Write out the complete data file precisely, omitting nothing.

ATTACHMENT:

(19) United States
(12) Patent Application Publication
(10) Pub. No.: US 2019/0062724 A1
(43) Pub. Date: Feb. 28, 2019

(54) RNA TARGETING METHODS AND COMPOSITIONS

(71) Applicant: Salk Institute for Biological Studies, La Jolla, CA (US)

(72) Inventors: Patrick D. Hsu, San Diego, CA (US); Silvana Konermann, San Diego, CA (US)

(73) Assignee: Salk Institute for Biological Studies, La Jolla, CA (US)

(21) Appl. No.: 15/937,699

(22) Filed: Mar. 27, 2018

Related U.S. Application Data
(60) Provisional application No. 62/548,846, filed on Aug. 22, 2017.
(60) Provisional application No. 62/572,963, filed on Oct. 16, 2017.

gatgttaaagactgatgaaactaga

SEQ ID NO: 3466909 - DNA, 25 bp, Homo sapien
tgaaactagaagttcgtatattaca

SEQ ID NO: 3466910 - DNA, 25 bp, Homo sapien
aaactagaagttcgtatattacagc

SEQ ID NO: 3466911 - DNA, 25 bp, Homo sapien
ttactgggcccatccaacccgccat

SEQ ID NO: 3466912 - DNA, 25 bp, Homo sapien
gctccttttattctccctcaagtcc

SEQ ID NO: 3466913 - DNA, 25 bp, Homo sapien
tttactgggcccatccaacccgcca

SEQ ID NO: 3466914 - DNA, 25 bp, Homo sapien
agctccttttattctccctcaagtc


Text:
(19) United States
(12) Patent Application Publication
(10) Pub. No.: US 2019/0062724 A1
(43) Pub. Date: Feb. 28, 2019

(54) RNA TARGETING METHODS AND COMPOSITIONS

(71) Applicant: Salk Institute for Biological Studies, La Jolla, CA (US)

(72) Inventors: Patrick D. Hsu, San Diego, CA (US); Silvana Konermann, San Diego, CA (US)

(73) Assignee: Salk Institute for Biological Studies, La Jolla, CA (US)

(21) Appl. No.: 15/937,699

(22) Filed: Mar. 27, 2018

Related U.S. Application Data
(60) Provisional application No. 62/548,846, filed on Aug. 22, 2017.
(60) Provisional application No. 62/572,963, filed on Oct. 16, 2017.

gatgttaaagactgatgaaactaga

SEQ ID NO: 3466909 - DNA, 25 bp, Homo sapien
tgaaactagaagttcgtatattaca

SEQ ID NO: 3466910 - DNA, 25 bp, Homo sapien
aaactagaagttcgtatattacagc

SEQ ID NO: 3466911 - DNA, 25 bp, Homo sapien
ttactgggcccatccaacccgccat

SEQ ID NO: 3466912 - DNA, 25 bp, Homo sapien
gctccttttattctccctcaagtcc

SEQ ID NO: 3466913 - DNA, 25 bp, Homo sapien
tttactgggcccatccaacccgcca

SEQ ID NO: 3466914 - DNA, 25 bp, Homo sapien
agctccttttattctccctcaagtc